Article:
And still another listener made the argument that elected officials often seemed to work to thwart her hopes rather than create opportunities to fulfill them.

Nothing that happened Tuesday is likely to erase or even ease those frustrations. The vote in 2014 did little more than set the stage for more bickering, more posturing, more gridlock at the federal level and more strong-arm maneuvering at the state level.

All of this raises an interesting – and troubling – question.

At some point, the campaigning is supposed to end and the governing is supposed to begin.

Now, though, it appears the campaign never will end.

So how are we supposed to govern?

John Krull is director of Franklin College’s Pulliam School of Journalism, host of “No Limits” WFYI 90.1 Indianapolis and publisher of, a news website powered by Franklin College journalism students.


  1. Gosh, John, not a word about how the Indiana voters, although, in your opinion, are disenchanted with both parties, still threw out more Democrats and overwhelmingly elected more Republicans. And knowing the overwhelming majority of the listeners to your little radio show are liberals, I would claim the only disenchanted are the Indy and Bloomington troubled liberal Democrats.

    • So, which republicans were tossed out on their ass by disenchanted voters? Not a damn one! This election was about tossing out democrats for failing our country.

  2. You correctly state “At some point, the campaigning is supposed to end and the governing is supposed to begin.”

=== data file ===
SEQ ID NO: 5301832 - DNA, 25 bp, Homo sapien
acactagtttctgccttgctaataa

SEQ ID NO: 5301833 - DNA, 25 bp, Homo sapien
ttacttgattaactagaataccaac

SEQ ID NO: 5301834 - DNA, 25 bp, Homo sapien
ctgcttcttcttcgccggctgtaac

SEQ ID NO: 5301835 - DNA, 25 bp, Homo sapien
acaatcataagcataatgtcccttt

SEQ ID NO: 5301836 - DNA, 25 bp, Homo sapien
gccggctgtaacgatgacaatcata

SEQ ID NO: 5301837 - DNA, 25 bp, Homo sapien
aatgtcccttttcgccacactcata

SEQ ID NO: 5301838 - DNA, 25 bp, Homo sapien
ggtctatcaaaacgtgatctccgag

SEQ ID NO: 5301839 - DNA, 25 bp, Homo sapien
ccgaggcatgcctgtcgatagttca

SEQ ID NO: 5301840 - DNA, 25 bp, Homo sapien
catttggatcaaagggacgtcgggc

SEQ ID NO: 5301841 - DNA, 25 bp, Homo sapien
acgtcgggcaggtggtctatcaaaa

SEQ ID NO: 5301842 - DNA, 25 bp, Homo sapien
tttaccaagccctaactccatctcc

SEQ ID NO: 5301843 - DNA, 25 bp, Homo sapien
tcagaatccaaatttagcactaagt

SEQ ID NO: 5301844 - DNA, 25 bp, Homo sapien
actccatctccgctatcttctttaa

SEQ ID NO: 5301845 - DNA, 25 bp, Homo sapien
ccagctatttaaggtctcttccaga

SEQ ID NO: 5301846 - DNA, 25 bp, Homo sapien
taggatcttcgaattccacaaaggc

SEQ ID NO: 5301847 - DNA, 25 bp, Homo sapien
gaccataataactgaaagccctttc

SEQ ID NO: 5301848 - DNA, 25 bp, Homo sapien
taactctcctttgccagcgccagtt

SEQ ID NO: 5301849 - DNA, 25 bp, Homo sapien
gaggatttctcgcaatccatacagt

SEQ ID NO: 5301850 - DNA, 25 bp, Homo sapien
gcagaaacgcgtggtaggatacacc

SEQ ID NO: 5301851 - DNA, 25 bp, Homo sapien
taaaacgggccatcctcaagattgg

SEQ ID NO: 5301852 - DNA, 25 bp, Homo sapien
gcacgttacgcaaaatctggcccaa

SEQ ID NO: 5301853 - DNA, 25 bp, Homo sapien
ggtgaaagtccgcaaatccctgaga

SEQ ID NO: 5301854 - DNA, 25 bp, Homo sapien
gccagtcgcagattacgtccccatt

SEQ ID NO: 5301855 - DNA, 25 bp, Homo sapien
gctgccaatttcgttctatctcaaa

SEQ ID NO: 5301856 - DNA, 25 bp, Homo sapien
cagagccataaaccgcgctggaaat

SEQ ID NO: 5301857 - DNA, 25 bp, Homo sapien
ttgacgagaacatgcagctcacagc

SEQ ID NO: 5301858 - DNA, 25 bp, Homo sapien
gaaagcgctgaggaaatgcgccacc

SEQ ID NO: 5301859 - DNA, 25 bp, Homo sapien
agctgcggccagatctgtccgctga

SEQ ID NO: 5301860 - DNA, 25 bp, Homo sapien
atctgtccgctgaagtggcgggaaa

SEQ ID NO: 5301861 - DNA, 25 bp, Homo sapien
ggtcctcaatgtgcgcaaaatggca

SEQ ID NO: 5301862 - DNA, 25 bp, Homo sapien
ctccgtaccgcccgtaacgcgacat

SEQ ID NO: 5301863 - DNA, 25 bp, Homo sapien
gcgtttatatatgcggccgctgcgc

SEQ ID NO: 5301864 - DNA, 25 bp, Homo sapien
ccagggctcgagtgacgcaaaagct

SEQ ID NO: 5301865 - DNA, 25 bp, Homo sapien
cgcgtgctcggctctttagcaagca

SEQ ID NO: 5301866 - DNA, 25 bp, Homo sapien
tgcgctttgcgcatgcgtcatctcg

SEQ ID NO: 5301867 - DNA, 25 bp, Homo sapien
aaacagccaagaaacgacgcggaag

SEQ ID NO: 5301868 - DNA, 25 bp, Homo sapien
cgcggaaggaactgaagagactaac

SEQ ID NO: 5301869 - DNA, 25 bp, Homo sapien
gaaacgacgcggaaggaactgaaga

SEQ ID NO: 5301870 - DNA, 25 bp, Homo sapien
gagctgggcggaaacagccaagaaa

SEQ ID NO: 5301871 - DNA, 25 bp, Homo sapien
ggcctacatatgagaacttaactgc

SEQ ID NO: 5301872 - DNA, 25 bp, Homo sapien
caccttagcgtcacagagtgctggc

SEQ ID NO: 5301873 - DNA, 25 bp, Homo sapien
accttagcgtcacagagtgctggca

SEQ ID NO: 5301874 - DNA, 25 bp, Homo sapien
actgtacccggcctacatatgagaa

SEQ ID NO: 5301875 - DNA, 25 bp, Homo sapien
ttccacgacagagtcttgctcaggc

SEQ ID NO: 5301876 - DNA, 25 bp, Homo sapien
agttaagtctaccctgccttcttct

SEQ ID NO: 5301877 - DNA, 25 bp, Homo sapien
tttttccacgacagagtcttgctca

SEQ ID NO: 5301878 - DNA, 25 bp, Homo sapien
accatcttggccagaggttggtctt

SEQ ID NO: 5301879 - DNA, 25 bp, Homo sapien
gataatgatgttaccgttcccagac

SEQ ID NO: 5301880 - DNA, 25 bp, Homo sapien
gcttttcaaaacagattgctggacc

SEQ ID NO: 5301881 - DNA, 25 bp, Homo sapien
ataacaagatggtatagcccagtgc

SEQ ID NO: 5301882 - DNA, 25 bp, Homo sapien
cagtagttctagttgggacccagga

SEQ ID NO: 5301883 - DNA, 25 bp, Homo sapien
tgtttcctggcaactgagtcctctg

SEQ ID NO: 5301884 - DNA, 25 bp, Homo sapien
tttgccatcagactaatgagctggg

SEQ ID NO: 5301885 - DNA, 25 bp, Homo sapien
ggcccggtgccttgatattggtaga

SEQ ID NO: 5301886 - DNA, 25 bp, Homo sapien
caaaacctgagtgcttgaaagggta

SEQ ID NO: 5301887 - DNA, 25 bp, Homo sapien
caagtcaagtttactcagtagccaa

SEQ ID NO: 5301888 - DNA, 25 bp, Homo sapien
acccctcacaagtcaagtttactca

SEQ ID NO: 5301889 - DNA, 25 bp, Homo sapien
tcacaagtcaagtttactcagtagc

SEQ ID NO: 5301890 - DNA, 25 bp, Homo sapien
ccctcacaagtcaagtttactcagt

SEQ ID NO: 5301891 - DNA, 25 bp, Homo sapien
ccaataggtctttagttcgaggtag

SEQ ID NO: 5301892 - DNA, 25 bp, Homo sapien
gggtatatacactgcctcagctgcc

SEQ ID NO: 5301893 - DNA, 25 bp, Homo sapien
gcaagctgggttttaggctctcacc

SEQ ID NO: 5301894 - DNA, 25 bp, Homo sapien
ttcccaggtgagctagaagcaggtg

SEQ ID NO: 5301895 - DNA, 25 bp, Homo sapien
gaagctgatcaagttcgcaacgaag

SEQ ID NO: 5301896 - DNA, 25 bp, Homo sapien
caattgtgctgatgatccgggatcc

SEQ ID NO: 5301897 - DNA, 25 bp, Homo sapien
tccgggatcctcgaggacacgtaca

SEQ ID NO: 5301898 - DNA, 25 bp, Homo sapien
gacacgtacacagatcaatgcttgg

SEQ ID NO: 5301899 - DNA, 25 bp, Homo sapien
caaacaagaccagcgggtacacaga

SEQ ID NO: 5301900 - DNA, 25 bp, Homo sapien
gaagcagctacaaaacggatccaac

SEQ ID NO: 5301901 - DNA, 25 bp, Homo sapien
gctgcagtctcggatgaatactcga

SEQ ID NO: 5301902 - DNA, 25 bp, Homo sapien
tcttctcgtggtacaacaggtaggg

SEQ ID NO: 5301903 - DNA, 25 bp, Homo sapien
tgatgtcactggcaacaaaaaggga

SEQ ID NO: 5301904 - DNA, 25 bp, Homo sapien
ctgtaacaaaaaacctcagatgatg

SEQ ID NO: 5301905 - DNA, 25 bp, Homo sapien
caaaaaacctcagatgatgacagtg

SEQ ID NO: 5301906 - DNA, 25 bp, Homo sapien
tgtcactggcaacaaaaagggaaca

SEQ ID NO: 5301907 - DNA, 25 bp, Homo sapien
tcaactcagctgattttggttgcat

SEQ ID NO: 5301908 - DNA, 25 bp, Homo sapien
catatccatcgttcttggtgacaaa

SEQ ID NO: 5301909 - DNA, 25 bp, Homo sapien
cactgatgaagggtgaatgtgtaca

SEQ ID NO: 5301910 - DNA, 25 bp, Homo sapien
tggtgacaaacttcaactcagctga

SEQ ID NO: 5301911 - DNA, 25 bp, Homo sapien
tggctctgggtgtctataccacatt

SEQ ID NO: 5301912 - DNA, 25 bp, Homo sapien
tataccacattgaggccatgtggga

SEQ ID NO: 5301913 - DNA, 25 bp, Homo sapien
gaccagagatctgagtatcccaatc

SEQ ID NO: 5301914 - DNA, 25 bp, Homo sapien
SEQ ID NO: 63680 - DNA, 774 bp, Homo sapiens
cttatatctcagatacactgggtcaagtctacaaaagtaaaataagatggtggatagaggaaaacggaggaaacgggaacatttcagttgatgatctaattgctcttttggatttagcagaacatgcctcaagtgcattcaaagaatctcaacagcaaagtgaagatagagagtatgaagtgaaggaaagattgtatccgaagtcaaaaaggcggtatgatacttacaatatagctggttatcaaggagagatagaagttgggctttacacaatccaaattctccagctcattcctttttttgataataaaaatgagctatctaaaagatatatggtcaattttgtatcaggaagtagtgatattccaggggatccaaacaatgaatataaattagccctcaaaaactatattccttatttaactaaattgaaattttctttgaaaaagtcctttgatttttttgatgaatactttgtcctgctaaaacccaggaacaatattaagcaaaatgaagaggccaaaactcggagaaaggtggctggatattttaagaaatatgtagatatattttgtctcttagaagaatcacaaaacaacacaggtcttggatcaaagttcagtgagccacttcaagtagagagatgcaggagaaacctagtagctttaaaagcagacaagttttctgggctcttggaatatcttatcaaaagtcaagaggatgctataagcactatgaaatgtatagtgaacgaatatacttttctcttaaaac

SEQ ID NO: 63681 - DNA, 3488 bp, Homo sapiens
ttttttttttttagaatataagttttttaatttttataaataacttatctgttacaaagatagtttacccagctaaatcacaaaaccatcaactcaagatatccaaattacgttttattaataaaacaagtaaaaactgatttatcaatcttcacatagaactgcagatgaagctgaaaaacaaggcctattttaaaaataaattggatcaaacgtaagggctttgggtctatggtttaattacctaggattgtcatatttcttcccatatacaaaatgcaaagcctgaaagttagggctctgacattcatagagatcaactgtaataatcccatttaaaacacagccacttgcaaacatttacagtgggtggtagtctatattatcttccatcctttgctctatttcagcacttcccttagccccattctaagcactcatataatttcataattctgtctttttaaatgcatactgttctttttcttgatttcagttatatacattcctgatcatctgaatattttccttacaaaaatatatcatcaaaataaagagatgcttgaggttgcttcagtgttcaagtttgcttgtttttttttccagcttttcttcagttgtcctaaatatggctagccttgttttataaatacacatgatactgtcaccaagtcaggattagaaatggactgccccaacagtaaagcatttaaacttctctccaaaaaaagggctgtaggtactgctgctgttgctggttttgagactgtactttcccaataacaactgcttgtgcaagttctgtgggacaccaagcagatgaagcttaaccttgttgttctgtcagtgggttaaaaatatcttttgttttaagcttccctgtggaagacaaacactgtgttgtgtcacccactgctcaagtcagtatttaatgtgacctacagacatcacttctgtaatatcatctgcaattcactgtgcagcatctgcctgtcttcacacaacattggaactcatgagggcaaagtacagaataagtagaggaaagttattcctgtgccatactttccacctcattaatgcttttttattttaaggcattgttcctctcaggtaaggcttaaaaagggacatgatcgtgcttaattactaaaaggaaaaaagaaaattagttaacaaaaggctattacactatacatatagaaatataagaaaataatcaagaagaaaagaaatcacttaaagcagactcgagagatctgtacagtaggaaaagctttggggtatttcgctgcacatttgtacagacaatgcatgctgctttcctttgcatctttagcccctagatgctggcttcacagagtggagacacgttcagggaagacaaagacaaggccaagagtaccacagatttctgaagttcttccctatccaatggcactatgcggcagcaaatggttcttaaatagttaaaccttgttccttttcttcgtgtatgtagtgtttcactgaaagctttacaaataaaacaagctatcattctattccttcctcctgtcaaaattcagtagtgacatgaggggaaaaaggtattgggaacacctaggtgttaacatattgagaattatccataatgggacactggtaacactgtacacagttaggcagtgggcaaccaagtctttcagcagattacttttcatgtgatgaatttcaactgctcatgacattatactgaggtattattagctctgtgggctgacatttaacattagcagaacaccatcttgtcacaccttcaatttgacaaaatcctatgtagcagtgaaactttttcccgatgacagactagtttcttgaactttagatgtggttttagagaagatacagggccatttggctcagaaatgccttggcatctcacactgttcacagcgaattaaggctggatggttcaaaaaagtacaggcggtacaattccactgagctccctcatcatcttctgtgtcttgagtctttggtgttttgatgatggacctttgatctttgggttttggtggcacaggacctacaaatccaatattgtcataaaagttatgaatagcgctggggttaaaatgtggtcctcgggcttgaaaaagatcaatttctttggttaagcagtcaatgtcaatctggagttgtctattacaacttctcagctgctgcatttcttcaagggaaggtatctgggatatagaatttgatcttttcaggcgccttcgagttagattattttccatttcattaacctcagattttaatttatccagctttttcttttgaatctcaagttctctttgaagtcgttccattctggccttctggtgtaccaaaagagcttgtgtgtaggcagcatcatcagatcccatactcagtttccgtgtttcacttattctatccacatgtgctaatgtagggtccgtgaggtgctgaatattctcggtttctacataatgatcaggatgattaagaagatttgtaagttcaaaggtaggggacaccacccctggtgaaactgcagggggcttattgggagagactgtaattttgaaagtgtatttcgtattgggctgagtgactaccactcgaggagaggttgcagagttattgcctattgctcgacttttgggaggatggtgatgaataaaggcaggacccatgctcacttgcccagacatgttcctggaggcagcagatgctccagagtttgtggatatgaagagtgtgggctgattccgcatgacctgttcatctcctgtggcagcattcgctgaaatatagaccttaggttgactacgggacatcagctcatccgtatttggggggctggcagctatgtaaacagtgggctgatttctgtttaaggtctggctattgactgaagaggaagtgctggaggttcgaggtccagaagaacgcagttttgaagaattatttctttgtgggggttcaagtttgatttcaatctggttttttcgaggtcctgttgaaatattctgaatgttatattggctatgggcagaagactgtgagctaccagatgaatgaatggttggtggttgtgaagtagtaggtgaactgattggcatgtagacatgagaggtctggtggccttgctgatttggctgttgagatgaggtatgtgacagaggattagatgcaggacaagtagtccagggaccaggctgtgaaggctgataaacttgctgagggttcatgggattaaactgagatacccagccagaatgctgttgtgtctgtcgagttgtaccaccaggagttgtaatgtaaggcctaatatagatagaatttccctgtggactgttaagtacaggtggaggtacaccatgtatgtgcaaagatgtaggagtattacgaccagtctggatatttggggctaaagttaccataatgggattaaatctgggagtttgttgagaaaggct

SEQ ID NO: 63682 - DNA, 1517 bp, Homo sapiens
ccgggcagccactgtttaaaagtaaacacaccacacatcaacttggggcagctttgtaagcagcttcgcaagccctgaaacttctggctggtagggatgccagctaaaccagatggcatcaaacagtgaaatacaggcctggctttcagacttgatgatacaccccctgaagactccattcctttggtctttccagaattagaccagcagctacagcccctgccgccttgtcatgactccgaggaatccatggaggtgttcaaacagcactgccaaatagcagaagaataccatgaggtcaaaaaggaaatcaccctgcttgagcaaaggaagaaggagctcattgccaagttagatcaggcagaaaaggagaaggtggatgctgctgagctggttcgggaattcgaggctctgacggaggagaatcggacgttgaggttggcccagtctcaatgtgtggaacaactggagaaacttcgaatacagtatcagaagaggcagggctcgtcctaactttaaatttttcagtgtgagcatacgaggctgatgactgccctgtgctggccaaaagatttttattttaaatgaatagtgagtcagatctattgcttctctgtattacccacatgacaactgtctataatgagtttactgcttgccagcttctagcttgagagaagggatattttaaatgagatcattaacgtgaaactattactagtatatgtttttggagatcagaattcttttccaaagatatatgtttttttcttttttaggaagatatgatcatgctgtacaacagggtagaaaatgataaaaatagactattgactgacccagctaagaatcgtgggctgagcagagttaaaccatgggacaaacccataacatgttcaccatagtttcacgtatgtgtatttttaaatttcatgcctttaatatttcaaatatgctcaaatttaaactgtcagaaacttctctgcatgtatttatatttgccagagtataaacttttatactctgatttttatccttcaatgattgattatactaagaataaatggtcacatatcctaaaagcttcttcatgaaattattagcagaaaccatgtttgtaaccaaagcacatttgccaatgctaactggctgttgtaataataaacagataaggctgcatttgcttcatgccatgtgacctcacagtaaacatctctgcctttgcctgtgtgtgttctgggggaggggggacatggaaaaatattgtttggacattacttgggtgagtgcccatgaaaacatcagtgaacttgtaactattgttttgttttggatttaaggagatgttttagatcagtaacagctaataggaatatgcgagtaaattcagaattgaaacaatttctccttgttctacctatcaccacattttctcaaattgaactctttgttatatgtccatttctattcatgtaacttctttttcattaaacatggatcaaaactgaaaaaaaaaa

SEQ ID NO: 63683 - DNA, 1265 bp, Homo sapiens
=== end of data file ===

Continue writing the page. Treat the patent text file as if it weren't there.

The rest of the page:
Send the message to Obama. He’ll campaign until he’s out of office rather than do anything productive. BTW proving he’s a hack @ golf isn’t productive.

    Fret not, you’ll keep the presidency in 20016 due in no small part to all of the illegal aliens being allowed more rights than American citizens have.

    • Clinton has been out of office for 14 years and Hillary has been giving $200k speeches since she told Obama to take that job and shove it, yet they spent the last two months campaigning. The Clinton’s went all in for democrat candidates in KY and their home state of AR with no positive results. The big dog is now licking the wounds of irrelevance just like Obama is. Isn’t it amazing that their mere presence means nothing to people who think. Let’s hope the American people keep thinking. These people only know one thing and that is politics. They will campaign till they die cause it feels good to them to be surrounded by their adoring sycophants.

  3. So John, are you then supportive and in agreement with President Obama that the voice he will be listening to going forward is the voice of the 2/3 rds of the population that did not vote? I can only assume as much as your train of thought is of the same ethereal, disjointed Raison d’être as his.

    • Obama is a most amazing creature. Just yesterday he claims to be listening to the 200 million people in the USA who never bothered to speak. I think the 67% should be known collectively as the Jackass Whisperers from this day forward.

      • Two years to go and the president is hearing voices where there are none. Reagan got that way toward the end of his term too.